Charlie Chaplin is most famously known for his “tramp” character – the homeless hobo that can be seen hopping from trains and lining up in the soup kitchens of the Great Depression. At a time when the whole world was struggling from economic meltdown, Charlie Chaplin made “destitute” a term of endearment.
We may laugh when we see Charlie Chaplin so broke that he has to boil his shoes and eat them, but during the worst parts of the economic collapse of the 1920s and 1930s, some people had to do just that. So, at the time, even though many would laugh at the crazy tramp’s antics, they could also relate and identify with them.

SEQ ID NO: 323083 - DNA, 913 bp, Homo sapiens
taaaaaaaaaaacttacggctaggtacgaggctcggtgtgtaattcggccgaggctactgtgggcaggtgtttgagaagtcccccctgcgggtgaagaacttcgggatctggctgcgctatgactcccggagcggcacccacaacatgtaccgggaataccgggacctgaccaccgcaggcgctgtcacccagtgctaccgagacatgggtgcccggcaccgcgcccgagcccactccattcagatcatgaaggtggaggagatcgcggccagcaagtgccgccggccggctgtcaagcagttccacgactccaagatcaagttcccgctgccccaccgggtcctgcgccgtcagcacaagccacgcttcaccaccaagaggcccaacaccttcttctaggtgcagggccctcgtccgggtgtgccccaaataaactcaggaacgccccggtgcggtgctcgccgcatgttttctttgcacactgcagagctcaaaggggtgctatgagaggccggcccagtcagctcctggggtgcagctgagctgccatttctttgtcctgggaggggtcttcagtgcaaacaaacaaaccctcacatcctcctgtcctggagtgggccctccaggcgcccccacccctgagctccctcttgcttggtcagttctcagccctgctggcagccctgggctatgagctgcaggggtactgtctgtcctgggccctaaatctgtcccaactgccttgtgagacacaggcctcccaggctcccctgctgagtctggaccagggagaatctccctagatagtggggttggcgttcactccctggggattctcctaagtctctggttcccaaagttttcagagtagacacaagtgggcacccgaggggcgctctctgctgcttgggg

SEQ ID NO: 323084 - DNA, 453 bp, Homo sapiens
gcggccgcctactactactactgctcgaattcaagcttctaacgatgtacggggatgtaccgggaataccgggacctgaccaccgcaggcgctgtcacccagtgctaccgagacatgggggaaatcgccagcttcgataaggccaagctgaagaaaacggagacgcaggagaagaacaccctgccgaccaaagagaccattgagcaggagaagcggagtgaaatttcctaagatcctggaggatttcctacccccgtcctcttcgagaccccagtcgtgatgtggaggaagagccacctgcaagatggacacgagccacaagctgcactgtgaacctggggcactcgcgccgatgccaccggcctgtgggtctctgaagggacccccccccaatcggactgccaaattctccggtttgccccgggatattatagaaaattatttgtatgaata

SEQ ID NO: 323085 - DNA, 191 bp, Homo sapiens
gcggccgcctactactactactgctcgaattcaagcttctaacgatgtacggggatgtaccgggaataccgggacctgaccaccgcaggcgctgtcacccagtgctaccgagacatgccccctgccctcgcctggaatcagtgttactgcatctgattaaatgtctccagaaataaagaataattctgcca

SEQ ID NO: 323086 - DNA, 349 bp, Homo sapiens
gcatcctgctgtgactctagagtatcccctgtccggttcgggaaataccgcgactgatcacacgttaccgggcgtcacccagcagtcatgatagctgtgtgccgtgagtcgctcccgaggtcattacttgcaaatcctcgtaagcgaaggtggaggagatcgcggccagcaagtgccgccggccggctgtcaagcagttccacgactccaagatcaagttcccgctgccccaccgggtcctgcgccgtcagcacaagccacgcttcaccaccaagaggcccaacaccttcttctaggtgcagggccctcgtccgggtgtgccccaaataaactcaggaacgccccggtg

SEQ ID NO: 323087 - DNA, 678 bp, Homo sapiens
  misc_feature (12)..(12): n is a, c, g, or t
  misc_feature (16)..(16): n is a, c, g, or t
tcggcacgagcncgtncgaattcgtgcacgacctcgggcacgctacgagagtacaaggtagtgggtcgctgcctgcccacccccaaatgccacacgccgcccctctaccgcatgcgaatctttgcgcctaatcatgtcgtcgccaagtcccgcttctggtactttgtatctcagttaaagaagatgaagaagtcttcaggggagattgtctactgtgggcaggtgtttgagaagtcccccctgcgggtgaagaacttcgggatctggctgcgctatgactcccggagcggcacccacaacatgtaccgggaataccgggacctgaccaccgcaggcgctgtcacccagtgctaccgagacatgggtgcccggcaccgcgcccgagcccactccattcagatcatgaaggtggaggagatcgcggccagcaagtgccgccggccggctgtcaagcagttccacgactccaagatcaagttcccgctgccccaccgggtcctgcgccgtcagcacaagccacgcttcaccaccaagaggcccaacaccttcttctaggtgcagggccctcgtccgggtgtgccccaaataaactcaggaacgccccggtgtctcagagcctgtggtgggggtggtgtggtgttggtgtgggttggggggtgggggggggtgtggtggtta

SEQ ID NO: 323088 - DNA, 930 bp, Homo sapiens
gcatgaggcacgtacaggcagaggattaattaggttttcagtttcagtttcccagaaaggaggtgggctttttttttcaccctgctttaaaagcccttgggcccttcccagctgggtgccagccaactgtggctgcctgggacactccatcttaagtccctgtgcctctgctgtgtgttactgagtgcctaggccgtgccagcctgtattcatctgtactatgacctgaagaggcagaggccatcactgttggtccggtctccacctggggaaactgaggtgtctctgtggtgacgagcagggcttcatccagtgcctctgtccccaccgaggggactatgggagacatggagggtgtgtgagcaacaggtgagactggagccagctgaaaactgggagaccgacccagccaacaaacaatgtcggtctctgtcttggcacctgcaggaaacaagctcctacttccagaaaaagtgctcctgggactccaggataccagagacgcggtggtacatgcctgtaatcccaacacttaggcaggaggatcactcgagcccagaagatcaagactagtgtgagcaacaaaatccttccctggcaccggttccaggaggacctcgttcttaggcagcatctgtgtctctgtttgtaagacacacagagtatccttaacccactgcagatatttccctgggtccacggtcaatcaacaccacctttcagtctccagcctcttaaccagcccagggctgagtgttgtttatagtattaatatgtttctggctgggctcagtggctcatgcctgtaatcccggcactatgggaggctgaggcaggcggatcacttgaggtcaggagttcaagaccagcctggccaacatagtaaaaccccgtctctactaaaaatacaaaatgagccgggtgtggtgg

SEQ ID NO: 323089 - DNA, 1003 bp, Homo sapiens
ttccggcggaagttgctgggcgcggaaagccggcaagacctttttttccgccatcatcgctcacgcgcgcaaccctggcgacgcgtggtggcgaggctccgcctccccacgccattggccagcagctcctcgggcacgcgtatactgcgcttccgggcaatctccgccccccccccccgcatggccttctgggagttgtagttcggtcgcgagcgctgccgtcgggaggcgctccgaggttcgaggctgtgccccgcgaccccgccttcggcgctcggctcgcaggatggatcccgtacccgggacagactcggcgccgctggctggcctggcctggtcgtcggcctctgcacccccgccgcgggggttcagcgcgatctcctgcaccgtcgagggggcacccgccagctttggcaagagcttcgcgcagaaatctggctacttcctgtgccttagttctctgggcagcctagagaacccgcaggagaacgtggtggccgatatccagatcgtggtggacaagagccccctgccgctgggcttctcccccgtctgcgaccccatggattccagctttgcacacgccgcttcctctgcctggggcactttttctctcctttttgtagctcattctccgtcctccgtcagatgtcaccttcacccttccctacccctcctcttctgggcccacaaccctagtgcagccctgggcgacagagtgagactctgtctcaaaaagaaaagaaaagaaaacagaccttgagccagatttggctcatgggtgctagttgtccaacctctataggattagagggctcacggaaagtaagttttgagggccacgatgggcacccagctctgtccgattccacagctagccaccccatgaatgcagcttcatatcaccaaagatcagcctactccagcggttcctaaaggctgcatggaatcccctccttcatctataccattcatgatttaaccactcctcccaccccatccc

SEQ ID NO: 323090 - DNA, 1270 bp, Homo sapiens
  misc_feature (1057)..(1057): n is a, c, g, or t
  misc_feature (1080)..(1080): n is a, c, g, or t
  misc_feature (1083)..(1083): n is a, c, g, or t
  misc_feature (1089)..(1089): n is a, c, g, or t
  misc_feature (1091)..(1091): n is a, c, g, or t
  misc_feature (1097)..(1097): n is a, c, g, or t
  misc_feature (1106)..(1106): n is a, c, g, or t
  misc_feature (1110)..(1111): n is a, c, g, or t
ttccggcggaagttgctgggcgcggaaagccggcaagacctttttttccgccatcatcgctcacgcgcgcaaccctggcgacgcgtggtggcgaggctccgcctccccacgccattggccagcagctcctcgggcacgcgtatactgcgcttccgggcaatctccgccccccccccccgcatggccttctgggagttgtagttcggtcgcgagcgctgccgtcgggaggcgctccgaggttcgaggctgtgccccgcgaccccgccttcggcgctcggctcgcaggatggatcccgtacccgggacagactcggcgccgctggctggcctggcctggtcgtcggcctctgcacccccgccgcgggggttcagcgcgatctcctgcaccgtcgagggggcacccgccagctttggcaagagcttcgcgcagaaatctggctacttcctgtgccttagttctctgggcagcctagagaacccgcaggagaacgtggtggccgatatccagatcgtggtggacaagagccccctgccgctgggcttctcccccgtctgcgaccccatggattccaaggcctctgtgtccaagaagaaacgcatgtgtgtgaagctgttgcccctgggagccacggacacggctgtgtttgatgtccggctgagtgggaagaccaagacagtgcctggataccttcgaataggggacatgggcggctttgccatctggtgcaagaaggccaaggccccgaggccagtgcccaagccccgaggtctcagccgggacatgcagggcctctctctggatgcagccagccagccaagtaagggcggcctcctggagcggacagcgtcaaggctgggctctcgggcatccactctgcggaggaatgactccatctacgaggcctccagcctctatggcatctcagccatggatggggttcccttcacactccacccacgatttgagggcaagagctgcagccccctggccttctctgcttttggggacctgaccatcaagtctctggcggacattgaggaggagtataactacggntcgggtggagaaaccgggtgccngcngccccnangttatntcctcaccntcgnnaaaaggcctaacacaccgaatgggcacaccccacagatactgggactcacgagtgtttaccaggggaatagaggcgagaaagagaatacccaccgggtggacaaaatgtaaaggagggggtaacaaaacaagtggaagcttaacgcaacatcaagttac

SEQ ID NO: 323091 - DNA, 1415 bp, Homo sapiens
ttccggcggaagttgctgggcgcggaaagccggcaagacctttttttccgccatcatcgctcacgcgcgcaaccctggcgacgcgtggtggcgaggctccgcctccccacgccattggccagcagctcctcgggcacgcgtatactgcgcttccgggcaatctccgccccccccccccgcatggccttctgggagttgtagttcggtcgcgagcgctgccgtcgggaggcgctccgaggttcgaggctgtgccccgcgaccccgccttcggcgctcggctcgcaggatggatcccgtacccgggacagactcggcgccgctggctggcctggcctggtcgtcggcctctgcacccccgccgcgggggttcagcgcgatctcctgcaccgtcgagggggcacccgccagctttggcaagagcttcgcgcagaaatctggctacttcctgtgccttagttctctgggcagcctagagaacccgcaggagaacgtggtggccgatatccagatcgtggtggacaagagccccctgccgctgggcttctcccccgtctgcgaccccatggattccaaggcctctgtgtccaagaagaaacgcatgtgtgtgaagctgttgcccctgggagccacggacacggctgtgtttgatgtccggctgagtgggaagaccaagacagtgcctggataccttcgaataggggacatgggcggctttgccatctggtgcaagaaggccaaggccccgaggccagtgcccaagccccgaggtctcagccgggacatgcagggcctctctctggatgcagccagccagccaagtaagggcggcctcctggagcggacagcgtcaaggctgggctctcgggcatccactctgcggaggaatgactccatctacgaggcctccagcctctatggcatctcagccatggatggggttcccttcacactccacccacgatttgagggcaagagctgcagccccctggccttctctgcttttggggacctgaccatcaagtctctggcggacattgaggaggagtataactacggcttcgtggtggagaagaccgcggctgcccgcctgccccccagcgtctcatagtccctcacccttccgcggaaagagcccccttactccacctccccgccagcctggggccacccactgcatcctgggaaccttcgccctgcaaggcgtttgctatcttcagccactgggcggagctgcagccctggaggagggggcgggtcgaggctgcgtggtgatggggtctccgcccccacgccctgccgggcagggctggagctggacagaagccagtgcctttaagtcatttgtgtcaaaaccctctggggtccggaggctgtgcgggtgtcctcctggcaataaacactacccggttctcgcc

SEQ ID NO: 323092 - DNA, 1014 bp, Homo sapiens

And the fact that Charlie Chaplin’s tramp character could be completely broke with his pockets turned out, sitting in a gutter with the rain pouring down, yet still be happy, gave people quite a bit of encouragement. People thought that if the homeless, wandering tramp portrayed in Chaplin’s films could get through such rough times and be all right, maybe they could too.
As goofy as some of Chaplin’s slapstick comedic moments are in his films, it was the way he just kept trundling along, even in the face of great adversity that empowered so many. It was this tantalizing glimpse of hope more than anything else, that kept them coming back for more.